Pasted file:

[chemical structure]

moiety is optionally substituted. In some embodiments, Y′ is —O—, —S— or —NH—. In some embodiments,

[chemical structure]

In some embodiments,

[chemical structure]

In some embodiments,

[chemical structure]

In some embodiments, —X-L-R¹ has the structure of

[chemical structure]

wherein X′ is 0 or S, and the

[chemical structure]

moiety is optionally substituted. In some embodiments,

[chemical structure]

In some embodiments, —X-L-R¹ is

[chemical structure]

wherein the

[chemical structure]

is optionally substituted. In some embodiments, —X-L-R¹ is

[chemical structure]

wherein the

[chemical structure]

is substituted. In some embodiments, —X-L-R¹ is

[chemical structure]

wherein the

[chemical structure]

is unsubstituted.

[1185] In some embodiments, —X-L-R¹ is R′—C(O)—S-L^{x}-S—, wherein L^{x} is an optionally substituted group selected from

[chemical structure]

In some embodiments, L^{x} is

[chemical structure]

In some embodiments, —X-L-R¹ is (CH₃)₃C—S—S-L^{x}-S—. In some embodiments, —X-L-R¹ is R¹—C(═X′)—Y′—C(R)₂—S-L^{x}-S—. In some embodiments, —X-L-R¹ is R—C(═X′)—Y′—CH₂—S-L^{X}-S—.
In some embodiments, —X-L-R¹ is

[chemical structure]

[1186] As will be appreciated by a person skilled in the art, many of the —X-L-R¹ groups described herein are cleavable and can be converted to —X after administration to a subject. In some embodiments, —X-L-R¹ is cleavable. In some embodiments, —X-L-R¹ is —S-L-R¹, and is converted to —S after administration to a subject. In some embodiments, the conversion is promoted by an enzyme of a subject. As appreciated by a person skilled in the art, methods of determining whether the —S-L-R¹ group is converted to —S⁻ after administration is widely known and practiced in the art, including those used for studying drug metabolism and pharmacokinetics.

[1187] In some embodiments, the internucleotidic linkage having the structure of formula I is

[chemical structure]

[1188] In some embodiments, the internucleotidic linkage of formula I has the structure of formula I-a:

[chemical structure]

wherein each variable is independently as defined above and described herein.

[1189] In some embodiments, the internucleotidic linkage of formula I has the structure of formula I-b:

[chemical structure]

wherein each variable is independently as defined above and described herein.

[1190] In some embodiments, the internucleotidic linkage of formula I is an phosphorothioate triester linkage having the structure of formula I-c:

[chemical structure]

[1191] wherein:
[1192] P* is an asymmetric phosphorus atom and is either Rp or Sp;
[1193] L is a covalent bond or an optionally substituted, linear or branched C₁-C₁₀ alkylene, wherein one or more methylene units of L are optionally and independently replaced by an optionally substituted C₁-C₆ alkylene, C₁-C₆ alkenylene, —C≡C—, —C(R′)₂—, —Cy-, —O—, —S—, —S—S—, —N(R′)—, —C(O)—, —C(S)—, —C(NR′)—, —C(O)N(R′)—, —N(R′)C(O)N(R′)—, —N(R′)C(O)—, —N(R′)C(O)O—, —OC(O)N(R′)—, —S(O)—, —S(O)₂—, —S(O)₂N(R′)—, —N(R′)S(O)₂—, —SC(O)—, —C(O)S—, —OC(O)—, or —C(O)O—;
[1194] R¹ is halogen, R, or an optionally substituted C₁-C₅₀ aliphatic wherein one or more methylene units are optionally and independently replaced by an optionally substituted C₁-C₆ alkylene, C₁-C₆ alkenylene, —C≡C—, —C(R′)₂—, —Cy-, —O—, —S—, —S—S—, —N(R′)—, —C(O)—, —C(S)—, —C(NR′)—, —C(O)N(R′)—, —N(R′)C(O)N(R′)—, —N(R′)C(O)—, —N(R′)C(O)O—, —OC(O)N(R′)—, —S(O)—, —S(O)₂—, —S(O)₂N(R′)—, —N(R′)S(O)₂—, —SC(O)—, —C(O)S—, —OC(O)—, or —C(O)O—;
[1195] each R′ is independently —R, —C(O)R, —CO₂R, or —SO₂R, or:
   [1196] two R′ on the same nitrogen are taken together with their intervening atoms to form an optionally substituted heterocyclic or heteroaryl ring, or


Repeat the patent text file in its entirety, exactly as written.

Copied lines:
[chemical structure]

moiety is optionally substituted. In some embodiments, Y′ is —O—, —S— or —NH—. In some embodiments,

[chemical structure]

In some embodiments,

[chemical structure]

In some embodiments,

[chemical structure]

In some embodiments, —X-L-R¹ has the structure of

[chemical structure]

wherein X′ is 0 or S, and the

[chemical structure]

moiety is optionally substituted. In some embodiments,

[chemical structure]

In some embodiments, —X-L-R¹ is

[chemical structure]

wherein the

[chemical structure]

is optionally substituted. In some embodiments, —X-L-R¹ is

[chemical structure]

wherein the

[chemical structure]

is substituted. In some embodiments, —X-L-R¹ is

[chemical structure]

wherein the

[chemical structure]

is unsubstituted.

[1185] In some embodiments, —X-L-R¹ is R′—C(O)—S-L^{x}-S—, wherein L^{x} is an optionally substituted group selected from

[chemical structure]

In some embodiments, L^{x} is

[chemical structure]

In some embodiments, —X-L-R¹ is (CH₃)₃C—S—S-L^{x}-S—. In some embodiments, —X-L-R¹ is R¹—C(═X′)—Y′—C(R)₂—S-L^{x}-S—. In some embodiments, —X-L-R¹ is R—C(═X′)—Y′—CH₂—S-L^{X}-S—.
In some embodiments, —X-L-R¹ is

[chemical structure]

[1186] As will be appreciated by a person skilled in the art, many of the —X-L-R¹ groups described herein are cleavable and can be converted to —X after administration to a subject. In some embodiments, —X-L-R¹ is cleavable. In some embodiments, —X-L-R¹ is —S-L-R¹, and is converted to —S after administration to a subject. In some embodiments, the conversion is promoted by an enzyme of a subject. As appreciated by a person skilled in the art, methods of determining whether the —S-L-R¹ group is converted to —S⁻ after administration is widely known and practiced in the art, including those used for studying drug metabolism and pharmacokinetics.

[1187] In some embodiments, the internucleotidic linkage having the structure of formula I is

[chemical structure]

[1188] In some embodiments, the internucleotidic linkage of formula I has the structure of formula I-a:

[chemical structure]

wherein each variable is independently as defined above and described herein.

[1189] In some embodiments, the internucleotidic linkage of formula I has the structure of formula I-b:

[chemical structure]

wherein each variable is independently as defined above and described herein.

[1190] In some embodiments, the internucleotidic linkage of formula I is an phosphorothioate triester linkage having the structure of formula I-c:

[chemical structure]

[1191] wherein:
[1192] P* is an asymmetric phosphorus atom and is either Rp or Sp;
[1193] L is a covalent bond or an optionally substituted, linear or branched C₁-C₁₀ alkylene, wherein one or more methylene units of L are optionally and independently replaced by an optionally substituted C₁-C₆ alkylene, C₁-C₆ alkenylene, —C≡C—, —C(R′)₂—, —Cy-, —O—, —S—, —S—S—, —N(R′)—, —C(O)—, —C(S)—, —C(NR′)—, —C(O)N(R′)—, —N(R′)C(O)N(R′)—, —N(R′)C(O)—, —N(R′)C(O)O—, —OC(O)N(R′)—, —S(O)—, —S(O)₂—, —S(O)₂N(R′)—, —N(R′)S(O)₂—, —SC(O)—, —C(O)S—, —OC(O)—, or —C(O)O—;
[1194] R¹ is halogen, R, or an optionally substituted C₁-C₅₀ aliphatic wherein one or more methylene units are optionally and independently replaced by an optionally substituted C₁-C₆ alkylene, C₁-C₆ alkenylene, —C≡C—, —C(R′)₂—, —Cy-, —O—, —S—, —S—S—, —N(R′)—, —C(O)—, —C(S)—, —C(NR′)—, —C(O)N(R′)—, —N(R′)C(O)N(R′)—, —N(R′)C(O)—, —N(R′)C(O)O—, —OC(O)N(R′)—, —S(O)—, —S(O)₂—, —S(O)₂N(R′)—, —N(R′)S(O)₂—, —SC(O)—, —C(O)S—, —OC(O)—, or —C(O)O—;
[1195] each R′ is independently —R, —C(O)R, —CO₂R, or —SO₂R, or:
   [1196] two R′ on the same nitrogen are taken together with their intervening atoms to form an optionally substituted heterocyclic or heteroaryl ring, or